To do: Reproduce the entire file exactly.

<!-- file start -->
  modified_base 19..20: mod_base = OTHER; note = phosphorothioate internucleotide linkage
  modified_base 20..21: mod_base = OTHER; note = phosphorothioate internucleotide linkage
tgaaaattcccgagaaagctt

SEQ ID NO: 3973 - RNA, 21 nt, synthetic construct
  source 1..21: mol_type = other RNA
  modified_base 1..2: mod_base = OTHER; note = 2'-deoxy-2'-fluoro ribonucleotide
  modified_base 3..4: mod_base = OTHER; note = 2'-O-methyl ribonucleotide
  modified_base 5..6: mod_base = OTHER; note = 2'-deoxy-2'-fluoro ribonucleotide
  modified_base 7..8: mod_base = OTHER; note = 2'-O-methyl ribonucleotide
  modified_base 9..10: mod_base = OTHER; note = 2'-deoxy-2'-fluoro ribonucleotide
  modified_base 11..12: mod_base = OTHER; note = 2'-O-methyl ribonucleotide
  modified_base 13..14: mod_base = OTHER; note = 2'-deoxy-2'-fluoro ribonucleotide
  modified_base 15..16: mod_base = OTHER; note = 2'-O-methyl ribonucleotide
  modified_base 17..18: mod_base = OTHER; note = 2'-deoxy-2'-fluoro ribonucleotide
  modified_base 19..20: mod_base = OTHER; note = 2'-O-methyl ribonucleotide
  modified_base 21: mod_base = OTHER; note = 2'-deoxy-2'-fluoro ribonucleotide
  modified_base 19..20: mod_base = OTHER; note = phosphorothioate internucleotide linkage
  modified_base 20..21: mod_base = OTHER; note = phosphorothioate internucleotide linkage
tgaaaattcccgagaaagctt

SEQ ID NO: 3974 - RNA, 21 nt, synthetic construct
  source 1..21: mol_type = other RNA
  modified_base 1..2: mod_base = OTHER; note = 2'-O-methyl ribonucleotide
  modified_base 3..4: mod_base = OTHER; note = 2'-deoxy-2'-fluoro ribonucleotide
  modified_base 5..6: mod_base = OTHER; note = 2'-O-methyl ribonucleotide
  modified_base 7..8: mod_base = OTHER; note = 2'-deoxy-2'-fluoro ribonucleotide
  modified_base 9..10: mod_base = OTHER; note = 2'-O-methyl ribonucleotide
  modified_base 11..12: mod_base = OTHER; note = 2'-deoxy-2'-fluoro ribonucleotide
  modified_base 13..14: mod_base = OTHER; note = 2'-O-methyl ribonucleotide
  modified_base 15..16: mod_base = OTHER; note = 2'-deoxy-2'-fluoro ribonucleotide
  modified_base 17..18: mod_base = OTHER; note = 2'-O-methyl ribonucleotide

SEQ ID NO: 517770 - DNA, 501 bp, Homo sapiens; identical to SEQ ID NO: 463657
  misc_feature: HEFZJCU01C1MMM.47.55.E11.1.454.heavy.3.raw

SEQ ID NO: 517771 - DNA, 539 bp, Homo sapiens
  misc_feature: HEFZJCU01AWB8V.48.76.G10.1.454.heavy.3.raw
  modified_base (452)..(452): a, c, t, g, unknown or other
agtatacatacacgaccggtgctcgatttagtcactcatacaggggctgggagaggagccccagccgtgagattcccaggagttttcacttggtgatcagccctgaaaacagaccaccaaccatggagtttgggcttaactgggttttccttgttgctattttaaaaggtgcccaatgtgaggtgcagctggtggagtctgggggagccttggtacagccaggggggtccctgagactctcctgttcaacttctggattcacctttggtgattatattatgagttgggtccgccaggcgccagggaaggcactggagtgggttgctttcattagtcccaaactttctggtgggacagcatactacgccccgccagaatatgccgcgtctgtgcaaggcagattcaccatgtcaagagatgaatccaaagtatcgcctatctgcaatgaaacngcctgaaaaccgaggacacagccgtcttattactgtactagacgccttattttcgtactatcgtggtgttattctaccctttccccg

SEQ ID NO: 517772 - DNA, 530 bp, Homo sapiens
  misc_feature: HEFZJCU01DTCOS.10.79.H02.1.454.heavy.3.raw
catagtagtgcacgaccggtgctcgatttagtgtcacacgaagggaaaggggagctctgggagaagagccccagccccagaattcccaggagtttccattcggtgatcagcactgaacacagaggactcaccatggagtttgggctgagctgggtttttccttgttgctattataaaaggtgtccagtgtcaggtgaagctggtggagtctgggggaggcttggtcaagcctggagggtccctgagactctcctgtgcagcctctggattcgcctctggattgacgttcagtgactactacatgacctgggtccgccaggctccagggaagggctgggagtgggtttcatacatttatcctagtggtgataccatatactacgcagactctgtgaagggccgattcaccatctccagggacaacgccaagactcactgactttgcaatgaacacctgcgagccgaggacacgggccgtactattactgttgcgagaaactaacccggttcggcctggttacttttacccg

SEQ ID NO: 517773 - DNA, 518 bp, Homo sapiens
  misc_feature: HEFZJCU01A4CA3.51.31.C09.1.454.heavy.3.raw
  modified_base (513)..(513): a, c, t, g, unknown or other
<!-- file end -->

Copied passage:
  modified_base 19..20: mod_base = OTHER; note = phosphorothioate internucleotide linkage
  modified_base 20..21: mod_base = OTHER; note = phosphorothioate internucleotide linkage
tgaaaattcccgagaaagctt

SEQ ID NO: 3973 - RNA, 21 nt, synthetic construct
  source 1..21: mol_type = other RNA
  modified_base 1..2: mod_base = OTHER; note = 2'-deoxy-2'-fluoro ribonucleotide
  modified_base 3..4: mod_base = OTHER; note = 2'-O-methyl ribonucleotide
  modified_base 5..6: mod_base = OTHER; note = 2'-deoxy-2'-fluoro ribonucleotide
  modified_base 7..8: mod_base = OTHER; note = 2'-O-methyl ribonucleotide
  modified_base 9..10: mod_base = OTHER; note = 2'-deoxy-2'-fluoro ribonucleotide
  modified_base 11..12: mod_base = OTHER; note = 2'-O-methyl ribonucleotide
  modified_base 13..14: mod_base = OTHER; note = 2'-deoxy-2'-fluoro ribonucleotide
  modified_base 15..16: mod_base = OTHER; note = 2'-O-methyl ribonucleotide
  modified_base 17..18: mod_base = OTHER; note = 2'-deoxy-2'-fluoro ribonucleotide
  modified_base 19..20: mod_base = OTHER; note = 2'-O-methyl ribonucleotide
  modified_base 21: mod_base = OTHER; note = 2'-deoxy-2'-fluoro ribonucleotide
  modified_base 19..20: mod_base = OTHER; note = phosphorothioate internucleotide linkage
  modified_base 20..21: mod_base = OTHER; note = phosphorothioate internucleotide linkage
tgaaaattcccgagaaagctt

SEQ ID NO: 3974 - RNA, 21 nt, synthetic construct
  source 1..21: mol_type = other RNA
  modified_base 1..2: mod_base = OTHER; note = 2'-O-methyl ribonucleotide
  modified_base 3..4: mod_base = OTHER; note = 2'-deoxy-2'-fluoro ribonucleotide
  modified_base 5..6: mod_base = OTHER; note = 2'-O-methyl ribonucleotide
  modified_base 7..8: mod_base = OTHER; note = 2'-deoxy-2'-fluoro ribonucleotide
  modified_base 9..10: mod_base = OTHER; note = 2'-O-methyl ribonucleotide
  modified_base 11..12: mod_base = OTHER; note = 2'-deoxy-2'-fluoro ribonucleotide
  modified_base 13..14: mod_base = OTHER; note = 2'-O-methyl ribonucleotide
  modified_base 15..16: mod_base = OTHER; note = 2'-deoxy-2'-fluoro ribonucleotide
  modified_base 17..18: mod_base = OTHER; note = 2'-O-methyl ribonucleotide

SEQ ID NO: 517770 - DNA, 501 bp, Homo sapiens; identical to SEQ ID NO: 463657
  misc_feature: HEFZJCU01C1MMM.47.55.E11.1.454.heavy.3.raw

SEQ ID NO: 517771 - DNA, 539 bp, Homo sapiens
  misc_feature: HEFZJCU01AWB8V.48.76.G10.1.454.heavy.3.raw
  modified_base (452)..(452): a, c, t, g, unknown or other
agtatacatacacgaccggtgctcgatttagtcactcatacaggggctgggagaggagccccagccgtgagattcccaggagttttcacttggtgatcagccctgaaaacagaccaccaaccatggagtttgggcttaactgggttttccttgttgctattttaaaaggtgcccaatgtgaggtgcagctggtggagtctgggggagccttggtacagccaggggggtccctgagactctcctgttcaacttctggattcacctttggtgattatattatgagttgggtccgccaggcgccagggaaggcactggagtgggttgctttcattagtcccaaactttctggtgggacagcatactacgccccgccagaatatgccgcgtctgtgcaaggcagattcaccatgtcaagagatgaatccaaagtatcgcctatctgcaatgaaacngcctgaaaaccgaggacacagccgtcttattactgtactagacgccttattttcgtactatcgtggtgttattctaccctttccccg

SEQ ID NO: 517772 - DNA, 530 bp, Homo sapiens
  misc_feature: HEFZJCU01DTCOS.10.79.H02.1.454.heavy.3.raw
catagtagtgcacgaccggtgctcgatttagtgtcacacgaagggaaaggggagctctgggagaagagccccagccccagaattcccaggagtttccattcggtgatcagcactgaacacagaggactcaccatggagtttgggctgagctgggtttttccttgttgctattataaaaggtgtccagtgtcaggtgaagctggtggagtctgggggaggcttggtcaagcctggagggtccctgagactctcctgtgcagcctctggattcgcctctggattgacgttcagtgactactacatgacctgggtccgccaggctccagggaagggctgggagtgggtttcatacatttatcctagtggtgataccatatactacgcagactctgtgaagggccgattcaccatctccagggacaacgccaagactcactgactttgcaatgaacacctgcgagccgaggacacgggccgtactattactgttgcgagaaactaacccggttcggcctggttacttttacccg

SEQ ID NO: 517773 - DNA, 518 bp, Homo sapiens
  misc_feature: HEFZJCU01A4CA3.51.31.C09.1.454.heavy.3.raw
  modified_base (513)..(513): a, c, t, g, unknown or other